If we continue with the plans for 2050, the long-term goal was initially to achieve a low-carbon economy, but now it is more focused on leading the way to climate neutrality.
What do the 2030 transition plans reveal?
Targets at EU level are often transformed into more ambitious ones at national level, so member states tend to make more aggressive policies in the fight against climate change, but this does not happen in all countries.
The latest report from Climate Action Network (CAN) Europe (the main coalition of European NGOs fighting dangerous climate change) shows that we risk falling into an unfair transition where there is a risk of rewarding climate laggards at the expense of countries with ambitious plans and commitment to the Paris agreement.
In particular, seven countries will still be producing with coal in 2030 and it is not surprising that we are starting from a decarbonisation with reductions over 1990 levels, where the former Iron Curtain countries were bringing in an obsolete and highly polluting industry.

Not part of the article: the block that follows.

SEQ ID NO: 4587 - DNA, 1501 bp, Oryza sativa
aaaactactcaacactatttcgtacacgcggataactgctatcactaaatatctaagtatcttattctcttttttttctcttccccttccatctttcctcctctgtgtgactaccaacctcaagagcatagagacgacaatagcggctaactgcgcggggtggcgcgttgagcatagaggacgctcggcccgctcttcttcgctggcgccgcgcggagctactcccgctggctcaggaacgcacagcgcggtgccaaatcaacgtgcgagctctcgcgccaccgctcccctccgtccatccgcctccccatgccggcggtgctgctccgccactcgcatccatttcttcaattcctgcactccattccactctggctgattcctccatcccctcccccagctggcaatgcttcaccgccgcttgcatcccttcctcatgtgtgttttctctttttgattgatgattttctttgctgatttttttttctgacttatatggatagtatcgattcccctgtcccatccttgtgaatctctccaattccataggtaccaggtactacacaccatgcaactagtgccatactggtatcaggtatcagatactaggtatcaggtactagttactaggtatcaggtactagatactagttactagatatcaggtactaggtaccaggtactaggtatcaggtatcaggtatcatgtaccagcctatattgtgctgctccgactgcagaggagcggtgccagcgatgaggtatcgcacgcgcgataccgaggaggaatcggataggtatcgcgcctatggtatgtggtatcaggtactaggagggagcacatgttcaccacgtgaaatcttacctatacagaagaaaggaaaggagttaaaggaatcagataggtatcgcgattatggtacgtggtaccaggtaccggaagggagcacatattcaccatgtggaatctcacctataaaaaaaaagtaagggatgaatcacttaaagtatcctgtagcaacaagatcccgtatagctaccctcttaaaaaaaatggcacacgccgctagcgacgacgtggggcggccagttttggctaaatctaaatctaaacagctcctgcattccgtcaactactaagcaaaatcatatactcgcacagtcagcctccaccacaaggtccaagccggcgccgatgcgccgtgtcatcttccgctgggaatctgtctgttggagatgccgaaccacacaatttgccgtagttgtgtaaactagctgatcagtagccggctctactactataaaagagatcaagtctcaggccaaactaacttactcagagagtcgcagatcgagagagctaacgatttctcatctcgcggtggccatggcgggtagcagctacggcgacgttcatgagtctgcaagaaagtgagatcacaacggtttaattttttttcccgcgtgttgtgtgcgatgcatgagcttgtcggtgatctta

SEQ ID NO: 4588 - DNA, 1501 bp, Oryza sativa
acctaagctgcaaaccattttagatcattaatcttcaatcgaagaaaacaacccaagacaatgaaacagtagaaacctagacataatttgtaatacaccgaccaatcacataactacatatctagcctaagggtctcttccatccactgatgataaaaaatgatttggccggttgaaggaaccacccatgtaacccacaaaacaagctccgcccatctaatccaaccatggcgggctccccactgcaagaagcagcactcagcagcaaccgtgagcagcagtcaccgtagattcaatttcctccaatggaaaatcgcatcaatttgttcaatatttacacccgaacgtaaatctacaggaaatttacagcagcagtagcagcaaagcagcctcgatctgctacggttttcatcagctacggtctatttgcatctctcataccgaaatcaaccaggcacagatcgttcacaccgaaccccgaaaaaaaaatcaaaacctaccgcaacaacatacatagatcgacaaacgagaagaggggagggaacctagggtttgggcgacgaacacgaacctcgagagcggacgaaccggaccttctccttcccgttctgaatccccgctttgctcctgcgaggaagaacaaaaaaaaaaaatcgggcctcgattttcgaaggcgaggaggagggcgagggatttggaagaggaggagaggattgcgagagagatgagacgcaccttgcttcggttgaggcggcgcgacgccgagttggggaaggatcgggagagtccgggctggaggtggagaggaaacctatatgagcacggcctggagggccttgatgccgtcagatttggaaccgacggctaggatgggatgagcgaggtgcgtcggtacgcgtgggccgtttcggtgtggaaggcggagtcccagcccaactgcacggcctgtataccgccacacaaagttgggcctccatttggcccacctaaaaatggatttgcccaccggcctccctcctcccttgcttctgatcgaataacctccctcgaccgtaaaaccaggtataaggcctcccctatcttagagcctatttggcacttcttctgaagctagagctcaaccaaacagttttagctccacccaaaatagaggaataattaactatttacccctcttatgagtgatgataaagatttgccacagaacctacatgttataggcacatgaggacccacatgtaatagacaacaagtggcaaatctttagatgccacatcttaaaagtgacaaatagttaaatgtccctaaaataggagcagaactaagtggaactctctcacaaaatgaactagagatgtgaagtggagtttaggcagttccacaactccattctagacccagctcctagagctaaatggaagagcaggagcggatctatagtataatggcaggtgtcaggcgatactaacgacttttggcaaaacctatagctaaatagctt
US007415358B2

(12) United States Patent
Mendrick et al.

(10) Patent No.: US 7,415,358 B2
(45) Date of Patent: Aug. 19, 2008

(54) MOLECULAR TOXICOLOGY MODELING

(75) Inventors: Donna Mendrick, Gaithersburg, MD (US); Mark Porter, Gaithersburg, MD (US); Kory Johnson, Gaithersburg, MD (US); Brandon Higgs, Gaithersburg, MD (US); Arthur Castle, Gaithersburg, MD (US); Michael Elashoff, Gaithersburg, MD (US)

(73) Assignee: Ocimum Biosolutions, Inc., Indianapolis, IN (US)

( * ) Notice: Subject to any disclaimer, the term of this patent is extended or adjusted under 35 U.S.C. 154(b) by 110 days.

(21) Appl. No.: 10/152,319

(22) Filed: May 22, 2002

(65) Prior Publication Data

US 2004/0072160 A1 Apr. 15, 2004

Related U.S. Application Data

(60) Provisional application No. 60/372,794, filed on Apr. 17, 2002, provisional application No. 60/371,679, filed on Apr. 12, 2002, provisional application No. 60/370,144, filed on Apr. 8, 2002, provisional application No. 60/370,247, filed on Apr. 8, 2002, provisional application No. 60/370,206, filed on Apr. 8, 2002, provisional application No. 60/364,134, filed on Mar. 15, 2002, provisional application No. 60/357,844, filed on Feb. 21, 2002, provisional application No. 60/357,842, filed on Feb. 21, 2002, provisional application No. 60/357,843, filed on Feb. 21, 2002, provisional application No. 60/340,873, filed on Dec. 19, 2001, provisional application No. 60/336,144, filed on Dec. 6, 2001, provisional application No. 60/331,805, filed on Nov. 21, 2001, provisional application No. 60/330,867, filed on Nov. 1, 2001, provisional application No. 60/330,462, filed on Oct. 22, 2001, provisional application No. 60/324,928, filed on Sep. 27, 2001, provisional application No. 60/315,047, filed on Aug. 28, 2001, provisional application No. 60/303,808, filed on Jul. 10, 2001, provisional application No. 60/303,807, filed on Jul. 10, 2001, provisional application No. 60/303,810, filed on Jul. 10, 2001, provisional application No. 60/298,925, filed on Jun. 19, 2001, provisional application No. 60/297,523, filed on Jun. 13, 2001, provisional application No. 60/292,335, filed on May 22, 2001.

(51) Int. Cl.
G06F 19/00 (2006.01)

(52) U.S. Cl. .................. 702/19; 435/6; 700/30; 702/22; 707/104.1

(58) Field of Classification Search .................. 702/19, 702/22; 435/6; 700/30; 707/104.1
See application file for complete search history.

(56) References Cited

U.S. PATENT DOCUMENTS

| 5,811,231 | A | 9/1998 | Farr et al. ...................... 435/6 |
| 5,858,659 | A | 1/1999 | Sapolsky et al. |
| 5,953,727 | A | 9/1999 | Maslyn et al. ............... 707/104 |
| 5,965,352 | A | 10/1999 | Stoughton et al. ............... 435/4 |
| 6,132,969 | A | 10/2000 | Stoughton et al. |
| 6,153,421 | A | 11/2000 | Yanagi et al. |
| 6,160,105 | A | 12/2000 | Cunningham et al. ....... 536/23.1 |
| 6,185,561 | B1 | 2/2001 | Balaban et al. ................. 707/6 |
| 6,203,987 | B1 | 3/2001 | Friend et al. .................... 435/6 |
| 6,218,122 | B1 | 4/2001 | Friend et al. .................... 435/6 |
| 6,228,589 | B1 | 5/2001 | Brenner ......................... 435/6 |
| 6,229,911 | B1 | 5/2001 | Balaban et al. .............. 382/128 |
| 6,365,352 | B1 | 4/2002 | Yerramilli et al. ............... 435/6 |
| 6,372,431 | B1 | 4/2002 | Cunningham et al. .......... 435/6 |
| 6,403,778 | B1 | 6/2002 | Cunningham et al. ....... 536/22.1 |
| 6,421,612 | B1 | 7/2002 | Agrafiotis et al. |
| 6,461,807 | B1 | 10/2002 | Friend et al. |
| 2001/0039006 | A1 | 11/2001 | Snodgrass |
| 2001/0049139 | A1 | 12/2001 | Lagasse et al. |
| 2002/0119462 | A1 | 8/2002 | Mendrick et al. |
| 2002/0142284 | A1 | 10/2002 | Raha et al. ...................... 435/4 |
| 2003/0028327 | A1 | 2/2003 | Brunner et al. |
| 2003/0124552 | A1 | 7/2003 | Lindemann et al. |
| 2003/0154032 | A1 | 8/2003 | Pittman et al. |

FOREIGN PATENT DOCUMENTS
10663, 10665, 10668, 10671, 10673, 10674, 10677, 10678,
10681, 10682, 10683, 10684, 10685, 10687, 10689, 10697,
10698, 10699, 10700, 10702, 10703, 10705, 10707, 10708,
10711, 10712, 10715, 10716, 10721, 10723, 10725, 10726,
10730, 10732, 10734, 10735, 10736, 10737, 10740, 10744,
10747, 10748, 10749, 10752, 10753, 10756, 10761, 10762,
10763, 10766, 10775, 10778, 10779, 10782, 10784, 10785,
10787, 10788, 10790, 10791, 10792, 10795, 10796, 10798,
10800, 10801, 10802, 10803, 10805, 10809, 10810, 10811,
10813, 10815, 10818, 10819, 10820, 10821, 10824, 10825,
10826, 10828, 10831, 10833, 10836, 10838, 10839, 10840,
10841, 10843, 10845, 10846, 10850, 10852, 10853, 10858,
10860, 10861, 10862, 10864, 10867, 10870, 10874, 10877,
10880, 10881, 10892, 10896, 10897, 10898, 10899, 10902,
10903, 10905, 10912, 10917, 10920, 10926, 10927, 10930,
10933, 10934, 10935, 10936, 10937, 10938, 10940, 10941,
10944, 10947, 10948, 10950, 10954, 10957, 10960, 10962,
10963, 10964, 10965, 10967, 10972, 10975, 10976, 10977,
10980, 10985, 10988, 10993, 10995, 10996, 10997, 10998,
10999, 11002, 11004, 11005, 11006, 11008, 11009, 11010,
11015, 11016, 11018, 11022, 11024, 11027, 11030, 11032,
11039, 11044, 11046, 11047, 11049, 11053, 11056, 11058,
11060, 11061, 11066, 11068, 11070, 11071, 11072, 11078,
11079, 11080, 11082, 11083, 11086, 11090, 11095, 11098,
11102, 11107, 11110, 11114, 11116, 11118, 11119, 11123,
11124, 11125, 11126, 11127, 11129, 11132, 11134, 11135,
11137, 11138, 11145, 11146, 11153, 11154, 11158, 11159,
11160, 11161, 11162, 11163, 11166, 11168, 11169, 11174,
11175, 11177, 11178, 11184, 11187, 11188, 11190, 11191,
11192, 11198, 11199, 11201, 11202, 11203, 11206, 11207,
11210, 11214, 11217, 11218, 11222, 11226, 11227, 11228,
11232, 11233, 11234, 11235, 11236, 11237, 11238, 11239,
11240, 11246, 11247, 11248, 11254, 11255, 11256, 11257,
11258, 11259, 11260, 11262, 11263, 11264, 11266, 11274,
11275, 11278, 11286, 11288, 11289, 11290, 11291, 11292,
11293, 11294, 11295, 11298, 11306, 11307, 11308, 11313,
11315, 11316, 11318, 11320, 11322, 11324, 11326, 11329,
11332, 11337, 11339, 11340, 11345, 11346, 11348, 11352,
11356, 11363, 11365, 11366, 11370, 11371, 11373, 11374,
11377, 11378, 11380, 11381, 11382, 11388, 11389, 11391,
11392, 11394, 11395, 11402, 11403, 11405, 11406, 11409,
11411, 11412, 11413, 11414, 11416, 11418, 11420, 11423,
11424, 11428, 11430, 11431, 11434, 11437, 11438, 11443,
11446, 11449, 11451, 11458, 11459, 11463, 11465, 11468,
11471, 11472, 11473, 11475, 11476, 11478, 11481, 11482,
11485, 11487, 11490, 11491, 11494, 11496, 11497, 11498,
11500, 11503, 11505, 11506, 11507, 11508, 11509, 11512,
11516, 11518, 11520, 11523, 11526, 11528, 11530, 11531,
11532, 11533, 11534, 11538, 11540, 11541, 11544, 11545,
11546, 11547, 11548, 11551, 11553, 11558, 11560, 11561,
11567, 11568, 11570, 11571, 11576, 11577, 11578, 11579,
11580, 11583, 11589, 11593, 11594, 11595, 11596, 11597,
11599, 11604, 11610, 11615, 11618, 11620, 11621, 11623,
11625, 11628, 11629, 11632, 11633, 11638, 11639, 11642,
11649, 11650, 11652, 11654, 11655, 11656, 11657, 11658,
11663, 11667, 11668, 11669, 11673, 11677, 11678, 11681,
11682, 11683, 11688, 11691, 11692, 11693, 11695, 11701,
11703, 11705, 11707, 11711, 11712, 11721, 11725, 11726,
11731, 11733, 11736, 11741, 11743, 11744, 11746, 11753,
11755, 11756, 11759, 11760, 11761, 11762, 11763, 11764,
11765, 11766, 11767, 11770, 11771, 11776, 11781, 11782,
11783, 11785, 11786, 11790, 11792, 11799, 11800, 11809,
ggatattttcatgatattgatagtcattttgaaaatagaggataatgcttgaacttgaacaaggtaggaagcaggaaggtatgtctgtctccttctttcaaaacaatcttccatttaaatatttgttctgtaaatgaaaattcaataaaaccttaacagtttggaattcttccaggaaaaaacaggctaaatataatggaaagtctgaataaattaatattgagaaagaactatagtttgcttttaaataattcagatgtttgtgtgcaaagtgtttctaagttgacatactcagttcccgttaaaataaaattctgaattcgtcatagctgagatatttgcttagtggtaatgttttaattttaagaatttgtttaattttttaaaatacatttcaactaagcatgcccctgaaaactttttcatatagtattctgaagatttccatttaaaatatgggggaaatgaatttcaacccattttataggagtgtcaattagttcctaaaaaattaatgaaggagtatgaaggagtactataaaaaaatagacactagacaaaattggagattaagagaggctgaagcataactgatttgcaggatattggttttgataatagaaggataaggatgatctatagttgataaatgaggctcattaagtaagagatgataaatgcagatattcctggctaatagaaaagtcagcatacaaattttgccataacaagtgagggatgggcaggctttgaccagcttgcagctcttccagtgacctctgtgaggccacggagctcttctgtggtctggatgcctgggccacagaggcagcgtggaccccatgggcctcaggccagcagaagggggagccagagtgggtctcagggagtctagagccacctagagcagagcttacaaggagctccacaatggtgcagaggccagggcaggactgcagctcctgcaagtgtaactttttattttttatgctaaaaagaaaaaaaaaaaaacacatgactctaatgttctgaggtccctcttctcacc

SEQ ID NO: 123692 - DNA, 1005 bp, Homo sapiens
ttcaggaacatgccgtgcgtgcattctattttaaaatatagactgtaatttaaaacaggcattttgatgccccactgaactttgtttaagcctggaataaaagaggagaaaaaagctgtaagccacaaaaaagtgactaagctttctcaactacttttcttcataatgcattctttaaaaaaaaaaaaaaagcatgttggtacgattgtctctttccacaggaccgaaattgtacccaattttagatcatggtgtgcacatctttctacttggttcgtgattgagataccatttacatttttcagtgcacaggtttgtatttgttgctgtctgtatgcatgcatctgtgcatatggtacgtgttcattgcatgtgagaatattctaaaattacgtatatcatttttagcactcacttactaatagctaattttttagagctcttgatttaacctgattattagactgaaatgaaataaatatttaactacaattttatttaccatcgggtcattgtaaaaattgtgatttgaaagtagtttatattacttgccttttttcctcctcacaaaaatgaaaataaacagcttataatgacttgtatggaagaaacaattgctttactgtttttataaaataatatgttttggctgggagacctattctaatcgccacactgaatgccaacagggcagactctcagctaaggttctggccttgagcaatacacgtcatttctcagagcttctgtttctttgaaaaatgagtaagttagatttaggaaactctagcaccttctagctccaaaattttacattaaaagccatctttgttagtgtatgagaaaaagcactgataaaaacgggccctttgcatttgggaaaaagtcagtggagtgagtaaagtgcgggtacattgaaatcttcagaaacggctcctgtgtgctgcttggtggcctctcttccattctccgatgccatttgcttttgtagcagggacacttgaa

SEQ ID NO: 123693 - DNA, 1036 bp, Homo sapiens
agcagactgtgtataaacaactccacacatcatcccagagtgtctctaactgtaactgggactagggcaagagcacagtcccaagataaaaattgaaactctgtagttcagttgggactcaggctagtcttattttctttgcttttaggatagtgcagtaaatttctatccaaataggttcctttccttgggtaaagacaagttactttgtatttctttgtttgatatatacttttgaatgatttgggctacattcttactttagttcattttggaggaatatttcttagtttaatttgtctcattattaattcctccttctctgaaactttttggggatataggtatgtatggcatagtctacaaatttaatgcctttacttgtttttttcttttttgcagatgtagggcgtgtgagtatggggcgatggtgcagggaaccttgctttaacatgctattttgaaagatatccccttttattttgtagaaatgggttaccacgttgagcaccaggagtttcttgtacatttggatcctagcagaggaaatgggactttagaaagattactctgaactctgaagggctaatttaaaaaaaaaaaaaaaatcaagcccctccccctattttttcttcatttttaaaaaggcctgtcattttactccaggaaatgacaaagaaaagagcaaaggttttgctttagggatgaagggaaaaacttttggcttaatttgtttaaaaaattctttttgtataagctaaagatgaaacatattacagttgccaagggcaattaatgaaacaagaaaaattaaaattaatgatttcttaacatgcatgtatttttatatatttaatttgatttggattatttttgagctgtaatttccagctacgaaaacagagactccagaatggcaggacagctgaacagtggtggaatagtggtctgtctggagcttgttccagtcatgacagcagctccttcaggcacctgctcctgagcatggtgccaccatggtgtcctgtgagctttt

The Just Transition Fund, which belongs to the EU’s Next Generation pillars, is endowed with EUR 40 billion, according to this report almost two thirds of which will go to these 7 countries that do not plan to end up with coal before 2030 (mainly Poland and Germany).
The new European deal: increasing the reduction of emissions from the 2030 targets to 55%.